I’m Paul Herron, a full-stack developer and technical manager.
I focus mainly on back-end development with tools like Symfony
and devops with tools like Docker

Raspberry Pi project: Simplest internet radio

by Paul Herron on 21 April 2020

I wanted to recreate the simplicity of a traditional portable radio, but using an internet stream.

That is to say it’s always tuned to Radio 4 and the only useful choices are to turn it on, turn it off (Archers), or change the volume.

It struck me that a Griffin PowerMate is an ideal interface for this. It’s got a dial for the volume, you can click it to turn it on or off, and there’s an LED built in to show the current status.

Playing a radio stream on the command line is pretty simple, thanks to the BBC serving up URLs like the following:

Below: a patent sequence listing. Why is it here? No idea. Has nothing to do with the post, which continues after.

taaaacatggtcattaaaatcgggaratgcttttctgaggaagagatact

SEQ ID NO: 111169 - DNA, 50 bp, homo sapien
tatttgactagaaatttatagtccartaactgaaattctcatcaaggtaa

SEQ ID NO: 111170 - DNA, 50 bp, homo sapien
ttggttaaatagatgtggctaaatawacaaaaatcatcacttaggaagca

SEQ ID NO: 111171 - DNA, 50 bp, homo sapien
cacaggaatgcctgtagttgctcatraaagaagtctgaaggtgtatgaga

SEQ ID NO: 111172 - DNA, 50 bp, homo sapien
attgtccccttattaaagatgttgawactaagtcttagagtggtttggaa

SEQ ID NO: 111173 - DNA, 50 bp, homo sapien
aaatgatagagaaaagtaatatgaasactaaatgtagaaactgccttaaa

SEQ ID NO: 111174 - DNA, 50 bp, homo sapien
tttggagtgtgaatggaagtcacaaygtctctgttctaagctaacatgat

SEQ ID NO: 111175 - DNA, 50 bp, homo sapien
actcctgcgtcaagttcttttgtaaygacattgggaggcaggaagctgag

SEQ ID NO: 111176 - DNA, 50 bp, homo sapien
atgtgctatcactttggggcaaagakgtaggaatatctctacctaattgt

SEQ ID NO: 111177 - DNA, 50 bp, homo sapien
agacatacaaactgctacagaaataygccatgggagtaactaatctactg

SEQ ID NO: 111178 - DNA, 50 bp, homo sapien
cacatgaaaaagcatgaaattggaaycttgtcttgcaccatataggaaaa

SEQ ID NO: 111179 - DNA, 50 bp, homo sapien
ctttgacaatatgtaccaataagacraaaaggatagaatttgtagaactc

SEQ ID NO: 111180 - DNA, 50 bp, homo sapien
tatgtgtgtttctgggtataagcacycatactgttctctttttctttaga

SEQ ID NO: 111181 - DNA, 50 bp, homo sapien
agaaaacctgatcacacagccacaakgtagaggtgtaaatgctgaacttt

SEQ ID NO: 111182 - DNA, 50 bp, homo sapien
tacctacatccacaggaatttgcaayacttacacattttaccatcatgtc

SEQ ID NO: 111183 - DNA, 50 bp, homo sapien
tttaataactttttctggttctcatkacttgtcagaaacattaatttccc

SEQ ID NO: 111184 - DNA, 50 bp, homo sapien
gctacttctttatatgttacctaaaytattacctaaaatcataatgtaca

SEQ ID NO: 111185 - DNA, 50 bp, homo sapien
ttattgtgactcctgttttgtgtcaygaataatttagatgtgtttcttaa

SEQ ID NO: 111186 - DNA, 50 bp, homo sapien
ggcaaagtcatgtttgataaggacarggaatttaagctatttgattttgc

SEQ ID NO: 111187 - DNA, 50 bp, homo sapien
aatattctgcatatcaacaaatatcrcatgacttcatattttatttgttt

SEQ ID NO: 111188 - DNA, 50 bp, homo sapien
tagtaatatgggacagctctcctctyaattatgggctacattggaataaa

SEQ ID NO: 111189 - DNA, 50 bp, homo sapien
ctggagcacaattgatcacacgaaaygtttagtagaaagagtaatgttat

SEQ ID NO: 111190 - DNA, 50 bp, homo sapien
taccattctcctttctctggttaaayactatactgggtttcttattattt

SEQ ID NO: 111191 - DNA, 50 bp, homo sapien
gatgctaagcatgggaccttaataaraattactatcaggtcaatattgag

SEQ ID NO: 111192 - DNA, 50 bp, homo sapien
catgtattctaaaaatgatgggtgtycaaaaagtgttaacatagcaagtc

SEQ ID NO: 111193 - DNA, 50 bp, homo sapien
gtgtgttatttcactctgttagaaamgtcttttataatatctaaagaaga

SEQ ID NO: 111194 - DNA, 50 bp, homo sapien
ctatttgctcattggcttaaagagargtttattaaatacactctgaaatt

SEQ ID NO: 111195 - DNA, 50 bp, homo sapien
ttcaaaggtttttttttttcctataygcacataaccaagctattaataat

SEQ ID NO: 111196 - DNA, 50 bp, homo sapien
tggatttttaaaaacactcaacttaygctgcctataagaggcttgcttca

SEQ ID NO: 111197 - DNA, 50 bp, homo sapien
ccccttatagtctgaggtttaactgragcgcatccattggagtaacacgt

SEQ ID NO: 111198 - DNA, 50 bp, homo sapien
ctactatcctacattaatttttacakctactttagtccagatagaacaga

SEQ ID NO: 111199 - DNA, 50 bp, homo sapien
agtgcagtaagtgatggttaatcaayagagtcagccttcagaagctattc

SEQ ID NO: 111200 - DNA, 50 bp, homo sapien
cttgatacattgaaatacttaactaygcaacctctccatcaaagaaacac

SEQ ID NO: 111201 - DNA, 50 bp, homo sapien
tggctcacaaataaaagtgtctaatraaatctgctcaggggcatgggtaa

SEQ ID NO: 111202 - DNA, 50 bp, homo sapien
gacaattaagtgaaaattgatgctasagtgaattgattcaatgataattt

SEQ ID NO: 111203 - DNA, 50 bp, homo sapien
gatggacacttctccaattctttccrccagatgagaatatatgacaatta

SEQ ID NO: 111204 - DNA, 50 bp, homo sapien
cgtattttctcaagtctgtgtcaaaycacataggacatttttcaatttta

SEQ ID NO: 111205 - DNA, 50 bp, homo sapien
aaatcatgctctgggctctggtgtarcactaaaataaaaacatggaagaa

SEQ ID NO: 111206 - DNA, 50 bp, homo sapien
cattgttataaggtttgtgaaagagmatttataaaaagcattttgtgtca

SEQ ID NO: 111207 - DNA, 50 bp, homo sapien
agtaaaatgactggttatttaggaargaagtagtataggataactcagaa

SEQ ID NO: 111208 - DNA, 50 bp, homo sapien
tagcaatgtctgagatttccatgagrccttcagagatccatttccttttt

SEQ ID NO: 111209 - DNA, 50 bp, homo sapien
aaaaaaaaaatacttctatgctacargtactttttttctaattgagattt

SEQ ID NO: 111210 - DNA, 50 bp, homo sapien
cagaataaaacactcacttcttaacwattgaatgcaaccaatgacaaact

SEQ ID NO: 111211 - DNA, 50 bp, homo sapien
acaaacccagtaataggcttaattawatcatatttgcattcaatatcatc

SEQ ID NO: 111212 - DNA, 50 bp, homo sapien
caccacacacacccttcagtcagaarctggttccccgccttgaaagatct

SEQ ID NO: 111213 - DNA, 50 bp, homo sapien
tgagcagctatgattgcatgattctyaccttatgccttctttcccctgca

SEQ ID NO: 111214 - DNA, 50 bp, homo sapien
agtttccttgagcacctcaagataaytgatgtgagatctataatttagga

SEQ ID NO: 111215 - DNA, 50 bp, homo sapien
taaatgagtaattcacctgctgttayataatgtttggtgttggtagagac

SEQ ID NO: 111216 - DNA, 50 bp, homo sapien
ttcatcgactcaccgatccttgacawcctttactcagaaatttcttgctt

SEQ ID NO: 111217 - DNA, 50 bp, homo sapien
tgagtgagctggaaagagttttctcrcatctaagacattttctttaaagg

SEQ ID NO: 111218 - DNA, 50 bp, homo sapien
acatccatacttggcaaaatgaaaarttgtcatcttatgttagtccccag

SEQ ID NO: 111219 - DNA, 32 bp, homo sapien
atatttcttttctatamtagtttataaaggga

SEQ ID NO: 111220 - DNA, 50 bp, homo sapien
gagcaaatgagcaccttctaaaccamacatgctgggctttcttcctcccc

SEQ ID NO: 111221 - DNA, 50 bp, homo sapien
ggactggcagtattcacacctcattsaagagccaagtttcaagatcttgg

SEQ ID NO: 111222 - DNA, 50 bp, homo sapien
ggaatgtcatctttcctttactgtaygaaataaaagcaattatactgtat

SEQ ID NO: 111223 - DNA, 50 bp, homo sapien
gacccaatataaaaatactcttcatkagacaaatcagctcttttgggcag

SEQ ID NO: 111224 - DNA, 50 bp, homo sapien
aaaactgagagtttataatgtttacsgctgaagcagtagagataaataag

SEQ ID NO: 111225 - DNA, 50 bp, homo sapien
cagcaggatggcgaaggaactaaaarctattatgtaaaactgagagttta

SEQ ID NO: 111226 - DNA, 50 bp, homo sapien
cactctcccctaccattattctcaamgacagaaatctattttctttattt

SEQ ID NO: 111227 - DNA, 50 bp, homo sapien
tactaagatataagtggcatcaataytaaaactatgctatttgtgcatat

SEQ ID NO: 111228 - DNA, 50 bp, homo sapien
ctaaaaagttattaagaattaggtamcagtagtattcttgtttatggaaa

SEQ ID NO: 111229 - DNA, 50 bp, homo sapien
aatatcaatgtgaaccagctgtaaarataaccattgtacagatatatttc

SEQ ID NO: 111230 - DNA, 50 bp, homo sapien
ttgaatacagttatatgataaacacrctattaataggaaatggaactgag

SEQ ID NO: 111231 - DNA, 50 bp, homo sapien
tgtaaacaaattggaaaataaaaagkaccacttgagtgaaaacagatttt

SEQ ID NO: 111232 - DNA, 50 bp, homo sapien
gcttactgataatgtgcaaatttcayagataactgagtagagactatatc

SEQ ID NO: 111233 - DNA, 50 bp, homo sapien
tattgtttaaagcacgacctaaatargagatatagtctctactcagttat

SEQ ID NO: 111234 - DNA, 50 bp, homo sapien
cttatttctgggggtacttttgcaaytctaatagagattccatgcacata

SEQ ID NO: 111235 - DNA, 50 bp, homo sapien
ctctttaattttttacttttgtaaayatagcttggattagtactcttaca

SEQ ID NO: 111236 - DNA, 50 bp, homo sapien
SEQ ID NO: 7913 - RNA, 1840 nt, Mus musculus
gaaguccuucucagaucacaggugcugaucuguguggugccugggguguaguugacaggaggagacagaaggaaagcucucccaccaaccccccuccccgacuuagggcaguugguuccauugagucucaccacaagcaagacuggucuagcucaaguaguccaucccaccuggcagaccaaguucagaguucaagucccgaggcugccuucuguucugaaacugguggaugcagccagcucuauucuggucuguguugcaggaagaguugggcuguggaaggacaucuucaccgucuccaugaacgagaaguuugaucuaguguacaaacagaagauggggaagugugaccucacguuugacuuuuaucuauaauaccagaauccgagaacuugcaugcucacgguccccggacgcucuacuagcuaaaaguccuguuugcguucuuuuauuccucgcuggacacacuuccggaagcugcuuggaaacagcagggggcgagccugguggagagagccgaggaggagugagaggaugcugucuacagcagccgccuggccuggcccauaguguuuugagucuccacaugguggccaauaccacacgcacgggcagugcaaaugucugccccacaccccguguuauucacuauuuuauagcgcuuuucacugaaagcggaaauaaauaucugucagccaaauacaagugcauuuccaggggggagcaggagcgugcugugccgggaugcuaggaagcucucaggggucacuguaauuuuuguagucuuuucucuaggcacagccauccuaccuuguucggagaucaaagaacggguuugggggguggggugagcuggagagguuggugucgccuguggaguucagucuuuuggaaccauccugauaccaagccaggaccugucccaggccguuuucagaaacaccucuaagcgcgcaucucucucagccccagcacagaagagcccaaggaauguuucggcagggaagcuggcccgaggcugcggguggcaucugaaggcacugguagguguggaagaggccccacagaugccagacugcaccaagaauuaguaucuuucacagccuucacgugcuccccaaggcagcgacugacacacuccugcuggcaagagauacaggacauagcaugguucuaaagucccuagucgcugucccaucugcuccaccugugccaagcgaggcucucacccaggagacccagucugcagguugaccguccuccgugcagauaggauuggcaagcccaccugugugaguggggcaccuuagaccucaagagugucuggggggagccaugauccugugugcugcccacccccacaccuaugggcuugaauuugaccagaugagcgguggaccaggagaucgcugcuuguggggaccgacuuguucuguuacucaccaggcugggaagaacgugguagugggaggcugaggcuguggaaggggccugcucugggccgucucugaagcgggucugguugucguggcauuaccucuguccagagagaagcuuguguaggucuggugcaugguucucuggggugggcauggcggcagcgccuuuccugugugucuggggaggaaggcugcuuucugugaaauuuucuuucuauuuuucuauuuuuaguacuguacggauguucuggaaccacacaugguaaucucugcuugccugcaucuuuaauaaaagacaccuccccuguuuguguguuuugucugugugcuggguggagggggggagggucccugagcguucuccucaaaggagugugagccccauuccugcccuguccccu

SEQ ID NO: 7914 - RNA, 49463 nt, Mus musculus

# Choose a station (one of: radio_one, radio_two, radio_three, radio_fourfm, radio_four_extra, radio_five_live, radio_five_live_sports_extra, 6music)
ffplay -nodisp http://a.files.bbci.co.uk/media/live/manifesto/audio/simulcast/hls/nonuk/low/ak/bbc_radio_fourfm.m3u8

Using the Griffin PowerMate on Linux is less simple. I’d previously used Gizmo Daemon in Linux and that worked OK, but it doesn’t seem to have been maintained in the last decade and apparently needs a bunch of manual edits to get it to compile on a Raspberry Pi. I also looked at evrouter but hit some issues when running it headless, as it seems quite bound to a graphical X environment. Finally I found Will Sowerbutts’ Griffin PowerMate driver for Linux and this seemed a really good basis to work from.

Adapting Will’s code to my needs, the result was github.com/paulherron/powermate-hooks. I’ve tried to present it in a fairly generic way, in the sense that putting scripts in the hooks/ directly would allow you to run any commands. But if you follow the default install steps you’ll get an internet radio!

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